Running July 2-10, the Neuchâtel International Fantastic Film Festival (NIFFF) will mark its 20th edition this year with a nod to the past, as organizers look to commemorate the lakeside festival’s rise from modest fan gathering to one of Switzerland’s leading film events. Fueling the festival’s ascent has also been the explosive growth of genre fare, which in ways big and small the very festival has helped usher from the periphery of the international film business right to the center.
“I like to think that the evolution of the genre market and the growth of the NIFFF are in response to one another,” Neuchâtel artistic director Loïc Valceschini tells Variety. “It’s a dialectic. On one side, the festival built its identity on offering the widest possible vision of fantastic films, while at the same time the genre itself was diversifying – diversifying in terms of content, but also in terms of production and consumption.”
“That’s why I wanted to return to this subject for the festival’s 20th edition,” says Valceschini, who organized two panels dedicated to the subject and offered past directors and co-founders Anaïs Emery and Olivier Müller and incoming director Pierre-Yves Walder – due to take the reins after this year’s edition – a carte blanche to program films from previous years they felt marked the festival’s unique stamp.
“The founders didn’t want to recreate another pure and simple genre festival,” Valceschini explains. “That’s what has distinguished the NIFFF for many years. At other festivals people say to us, ‘Oh, NIFFF you’re the arty festival!’ And it’s true, without turning our noses up at anything, we do try to show the full spectrum of the fantastic, to show how it can work in other forms of production.”
Carving an identity in the European genre circuit alongside longer established festivals in Sitges and Brussels, NIFFF built a brand on unconventional programing and high-profile guests, hosting the likes of George R.R. Martin, David Cronenberg and John Carpenter in recent vintages. Both plans of action helped to bolster a loyal audience, which topped at 49,000 attendees at the festival’s most recent physical edition in 2019.
NIFFF has also partnered with the Swiss Film Archive on a traveling program of 13 films that showcase genre standouts from the past two decades.
“They’ve chipped away at an established film culture that is intensely conservative in Switzerland,” says Todd Brown, head of international acquisitions at the production and sales outfit XYZ Films. “They really did have a role in changing that conversation [around taste and funding] by coming in early, betting on people while they’re still making shorts, championing them and being a voice in the ear of funders to say, ‘Look, there is an audience for this. Look who’s coming.’”
“Neuchâtel has been a real voice for change, trying to get people to understand that there are more kinds of art than just a family sitting around a dining room table talking about sad thing,” he adds.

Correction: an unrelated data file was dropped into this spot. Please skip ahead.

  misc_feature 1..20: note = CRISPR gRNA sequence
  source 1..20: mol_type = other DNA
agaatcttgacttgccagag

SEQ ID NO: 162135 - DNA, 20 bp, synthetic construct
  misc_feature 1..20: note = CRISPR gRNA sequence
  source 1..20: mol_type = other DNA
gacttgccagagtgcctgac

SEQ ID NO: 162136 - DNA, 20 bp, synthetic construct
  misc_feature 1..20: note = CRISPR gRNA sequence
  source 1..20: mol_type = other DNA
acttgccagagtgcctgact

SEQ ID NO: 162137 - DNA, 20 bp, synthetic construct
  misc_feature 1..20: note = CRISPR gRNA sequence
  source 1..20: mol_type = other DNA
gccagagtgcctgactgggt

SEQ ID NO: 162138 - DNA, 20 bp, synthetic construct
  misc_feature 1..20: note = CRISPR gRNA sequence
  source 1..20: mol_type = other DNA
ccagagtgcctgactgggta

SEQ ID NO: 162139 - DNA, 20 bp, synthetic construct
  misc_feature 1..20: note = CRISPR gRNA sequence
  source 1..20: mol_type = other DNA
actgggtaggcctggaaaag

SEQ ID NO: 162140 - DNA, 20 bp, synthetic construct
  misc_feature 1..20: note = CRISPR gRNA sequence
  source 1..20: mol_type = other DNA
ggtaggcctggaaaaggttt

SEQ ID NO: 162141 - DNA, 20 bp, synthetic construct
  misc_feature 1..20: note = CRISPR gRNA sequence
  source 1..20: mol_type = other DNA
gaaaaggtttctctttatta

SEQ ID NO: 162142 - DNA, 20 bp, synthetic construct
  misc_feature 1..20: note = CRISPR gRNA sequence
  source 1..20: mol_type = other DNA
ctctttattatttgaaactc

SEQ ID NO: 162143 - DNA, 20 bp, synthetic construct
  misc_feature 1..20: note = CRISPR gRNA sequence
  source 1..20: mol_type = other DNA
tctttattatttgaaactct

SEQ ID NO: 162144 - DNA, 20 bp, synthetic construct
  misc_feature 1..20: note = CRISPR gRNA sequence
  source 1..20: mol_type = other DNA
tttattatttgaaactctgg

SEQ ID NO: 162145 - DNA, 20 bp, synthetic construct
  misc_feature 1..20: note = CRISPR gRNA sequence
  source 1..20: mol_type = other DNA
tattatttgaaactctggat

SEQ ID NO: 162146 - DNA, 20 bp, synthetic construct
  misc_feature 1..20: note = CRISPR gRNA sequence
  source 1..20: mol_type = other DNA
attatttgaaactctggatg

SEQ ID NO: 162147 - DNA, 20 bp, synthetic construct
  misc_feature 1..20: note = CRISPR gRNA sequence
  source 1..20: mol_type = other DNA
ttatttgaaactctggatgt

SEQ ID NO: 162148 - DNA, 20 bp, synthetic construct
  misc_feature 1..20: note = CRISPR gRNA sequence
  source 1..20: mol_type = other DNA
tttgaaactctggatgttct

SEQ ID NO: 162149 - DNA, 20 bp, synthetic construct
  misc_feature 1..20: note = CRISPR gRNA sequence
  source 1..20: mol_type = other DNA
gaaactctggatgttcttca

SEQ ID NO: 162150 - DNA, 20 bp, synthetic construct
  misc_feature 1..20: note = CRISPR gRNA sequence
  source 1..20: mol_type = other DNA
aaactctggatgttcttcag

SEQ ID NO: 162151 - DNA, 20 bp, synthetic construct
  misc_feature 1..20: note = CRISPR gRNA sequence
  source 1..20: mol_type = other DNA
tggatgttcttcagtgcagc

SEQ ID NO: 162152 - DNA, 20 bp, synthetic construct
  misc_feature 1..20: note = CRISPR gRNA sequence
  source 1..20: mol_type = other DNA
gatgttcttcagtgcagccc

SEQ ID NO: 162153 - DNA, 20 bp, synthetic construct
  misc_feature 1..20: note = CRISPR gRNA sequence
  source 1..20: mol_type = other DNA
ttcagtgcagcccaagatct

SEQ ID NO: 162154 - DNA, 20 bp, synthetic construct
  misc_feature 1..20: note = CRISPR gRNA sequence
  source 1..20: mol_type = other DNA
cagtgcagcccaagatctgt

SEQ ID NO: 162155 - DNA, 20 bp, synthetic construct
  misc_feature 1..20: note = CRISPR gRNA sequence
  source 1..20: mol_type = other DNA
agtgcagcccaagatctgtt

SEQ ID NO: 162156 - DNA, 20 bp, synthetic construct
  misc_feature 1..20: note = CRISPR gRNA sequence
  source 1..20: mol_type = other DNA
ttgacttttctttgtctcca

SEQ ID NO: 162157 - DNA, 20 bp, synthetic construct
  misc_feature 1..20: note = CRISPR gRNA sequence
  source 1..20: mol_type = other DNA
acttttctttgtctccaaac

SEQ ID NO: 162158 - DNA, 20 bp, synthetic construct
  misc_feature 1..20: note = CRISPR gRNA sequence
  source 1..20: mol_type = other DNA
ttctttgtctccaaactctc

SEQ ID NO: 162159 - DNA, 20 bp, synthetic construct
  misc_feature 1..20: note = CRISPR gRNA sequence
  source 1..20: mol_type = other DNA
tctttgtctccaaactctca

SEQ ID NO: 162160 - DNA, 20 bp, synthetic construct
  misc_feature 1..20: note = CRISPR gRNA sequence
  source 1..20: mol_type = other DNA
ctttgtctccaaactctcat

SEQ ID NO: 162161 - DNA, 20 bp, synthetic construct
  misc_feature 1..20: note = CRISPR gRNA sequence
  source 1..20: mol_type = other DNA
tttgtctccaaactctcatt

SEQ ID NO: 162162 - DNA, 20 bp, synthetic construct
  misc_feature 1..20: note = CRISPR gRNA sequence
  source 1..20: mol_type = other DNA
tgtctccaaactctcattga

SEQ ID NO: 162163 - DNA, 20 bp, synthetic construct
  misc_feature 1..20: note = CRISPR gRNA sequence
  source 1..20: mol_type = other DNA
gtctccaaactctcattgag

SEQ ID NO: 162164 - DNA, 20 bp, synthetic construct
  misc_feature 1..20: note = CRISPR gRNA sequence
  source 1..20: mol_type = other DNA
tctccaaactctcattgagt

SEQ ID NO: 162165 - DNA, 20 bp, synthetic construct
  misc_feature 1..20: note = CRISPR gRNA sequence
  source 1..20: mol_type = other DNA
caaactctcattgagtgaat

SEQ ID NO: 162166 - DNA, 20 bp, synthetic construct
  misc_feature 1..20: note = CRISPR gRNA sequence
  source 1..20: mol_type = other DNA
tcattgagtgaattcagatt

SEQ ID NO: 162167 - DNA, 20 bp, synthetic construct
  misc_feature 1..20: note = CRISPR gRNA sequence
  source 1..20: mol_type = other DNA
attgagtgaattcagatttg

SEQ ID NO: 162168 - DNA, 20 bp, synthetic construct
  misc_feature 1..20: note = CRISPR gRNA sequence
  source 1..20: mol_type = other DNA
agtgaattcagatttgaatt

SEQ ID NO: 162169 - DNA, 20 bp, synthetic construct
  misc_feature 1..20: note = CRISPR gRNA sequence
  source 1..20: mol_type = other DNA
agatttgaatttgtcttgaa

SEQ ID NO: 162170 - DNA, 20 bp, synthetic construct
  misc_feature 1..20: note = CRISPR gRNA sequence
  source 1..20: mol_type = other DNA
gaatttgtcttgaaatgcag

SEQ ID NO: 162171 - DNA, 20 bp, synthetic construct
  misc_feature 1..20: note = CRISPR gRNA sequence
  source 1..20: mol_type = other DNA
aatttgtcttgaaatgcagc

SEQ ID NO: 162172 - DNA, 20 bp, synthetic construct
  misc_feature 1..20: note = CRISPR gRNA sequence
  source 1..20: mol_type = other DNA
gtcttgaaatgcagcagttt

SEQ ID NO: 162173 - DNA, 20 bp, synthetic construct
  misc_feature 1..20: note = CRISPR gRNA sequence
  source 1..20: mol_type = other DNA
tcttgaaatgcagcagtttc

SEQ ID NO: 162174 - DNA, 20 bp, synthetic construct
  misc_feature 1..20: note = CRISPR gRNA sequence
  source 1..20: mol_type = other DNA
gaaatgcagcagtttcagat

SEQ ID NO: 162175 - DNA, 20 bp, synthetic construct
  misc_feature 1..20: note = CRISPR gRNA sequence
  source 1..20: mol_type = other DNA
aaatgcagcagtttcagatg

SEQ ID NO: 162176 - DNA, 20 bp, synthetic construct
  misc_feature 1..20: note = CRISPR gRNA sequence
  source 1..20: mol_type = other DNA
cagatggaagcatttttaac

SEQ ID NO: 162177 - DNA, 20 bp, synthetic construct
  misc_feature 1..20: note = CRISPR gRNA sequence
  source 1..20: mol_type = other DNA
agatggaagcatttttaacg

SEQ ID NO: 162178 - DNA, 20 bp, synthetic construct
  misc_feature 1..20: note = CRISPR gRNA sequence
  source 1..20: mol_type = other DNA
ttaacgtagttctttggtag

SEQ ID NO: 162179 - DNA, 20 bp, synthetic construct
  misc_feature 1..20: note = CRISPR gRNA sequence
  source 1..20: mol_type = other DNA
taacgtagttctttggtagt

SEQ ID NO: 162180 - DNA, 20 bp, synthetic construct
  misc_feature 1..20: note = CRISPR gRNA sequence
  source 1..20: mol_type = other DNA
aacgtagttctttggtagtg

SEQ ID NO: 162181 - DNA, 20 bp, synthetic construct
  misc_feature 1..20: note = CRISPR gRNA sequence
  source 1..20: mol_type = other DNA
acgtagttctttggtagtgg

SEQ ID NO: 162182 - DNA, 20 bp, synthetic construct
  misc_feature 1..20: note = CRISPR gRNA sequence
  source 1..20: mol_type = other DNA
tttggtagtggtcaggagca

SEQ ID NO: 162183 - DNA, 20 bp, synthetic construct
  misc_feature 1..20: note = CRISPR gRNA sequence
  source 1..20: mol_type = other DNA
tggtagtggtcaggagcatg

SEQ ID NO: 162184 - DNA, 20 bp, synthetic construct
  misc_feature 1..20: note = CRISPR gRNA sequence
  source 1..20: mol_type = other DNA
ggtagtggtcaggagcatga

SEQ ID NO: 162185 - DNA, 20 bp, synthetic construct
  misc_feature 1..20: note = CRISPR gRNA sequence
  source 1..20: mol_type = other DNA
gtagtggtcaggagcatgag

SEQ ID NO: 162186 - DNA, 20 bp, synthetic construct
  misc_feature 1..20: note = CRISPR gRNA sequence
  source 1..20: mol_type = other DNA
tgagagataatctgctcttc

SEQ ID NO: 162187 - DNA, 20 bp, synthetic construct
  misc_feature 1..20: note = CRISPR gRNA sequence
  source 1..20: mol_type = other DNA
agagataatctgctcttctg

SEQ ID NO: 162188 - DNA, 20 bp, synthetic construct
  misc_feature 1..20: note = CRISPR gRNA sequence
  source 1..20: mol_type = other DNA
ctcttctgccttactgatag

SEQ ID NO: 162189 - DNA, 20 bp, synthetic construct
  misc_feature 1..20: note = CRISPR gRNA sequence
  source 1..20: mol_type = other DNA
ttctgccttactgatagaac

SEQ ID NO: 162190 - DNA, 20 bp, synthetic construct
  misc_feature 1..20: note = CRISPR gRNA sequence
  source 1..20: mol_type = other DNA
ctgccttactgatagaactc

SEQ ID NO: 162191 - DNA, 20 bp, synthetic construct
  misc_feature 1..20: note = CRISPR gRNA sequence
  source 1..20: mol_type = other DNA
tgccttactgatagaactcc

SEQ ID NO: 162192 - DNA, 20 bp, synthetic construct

As Brown sees it, by building and sustaining loyal bases of attendees, festivals like Neuchâtel, or Montreal’s Fantasia or Austin’s Fantastic Fest (for which Brown was a programmer) have succeeded in breaking genre fare out of a niche ghetto. But he also cites more proactive measures from further up the supply chain coming from that same genre circuit. Brown point to the Frontières Market, a co-production initiative developed by the Fantasia Film Festival, as one illustrative example.
“This particular festival community – especially those who started during the early 2000s – really did come in as outsiders. So there’s a certain type of positive tribalism where they want to find and take care of their people, and this is a natural way of doing it.”
“They’ve embraced new opportunities and responsibilities and really actively looking to [fill the gaps in the market],” Brown continues. “They started off as being pure fan celebrations and now they’re really actively taking a hand at driving things forward, leveraging their relationships [to do so].”
Over the past decade, Neuchâtel has sat in pole position within this growing network remaking the current landscape. Frontières’ current executive director Annick Mahnert, for example, started at Neuchâtel in 2003, programming shorts and then features for the Swiss event until 2011. Through her NIFFF programming work, Mahnert met Frontières founder Stéphanie Trepanier, who later invited Mahnert to join the co-pro market as a mentor and project evaluator in 2013.
One of Mahnert’s first pet-projects at Frontières was Julia Ducournau’s “Raw,” a title Valceschini, Brown, and Mahnert all cite as one that broke barriers and created new opportunities for genre fare on the international stage. (Indeed, Ducournau’s genre friendly follow-up, “Titane,” will launch in competition in Cannes next month.)
“With the success of ‘Raw,’ the bigger sales agents started to be interested in genre,” Mahnert explains. “Suddenly the film goes to Cannes, Toronto and Sundance and… all bigger companies starting to do it. It all kind of exploded when one film had this [intense success].”
As Neuchâtel continues to build out its industry offering under the NIFFF Extended banner, Mahnert believes that it must also continue banging the drum for genre fare as loud as can be. “We need to give these films visibility,” she says. “Whatever buzz comes out of the festival, the industry hears it, because there comes a point where they can’t ignore it anymore… So it’s an important actor. It brings films to Switzerland that aren’t being bought and don’t have distribution.”
“Switzerland is not very big,” she adds. “So word travels very quickly.”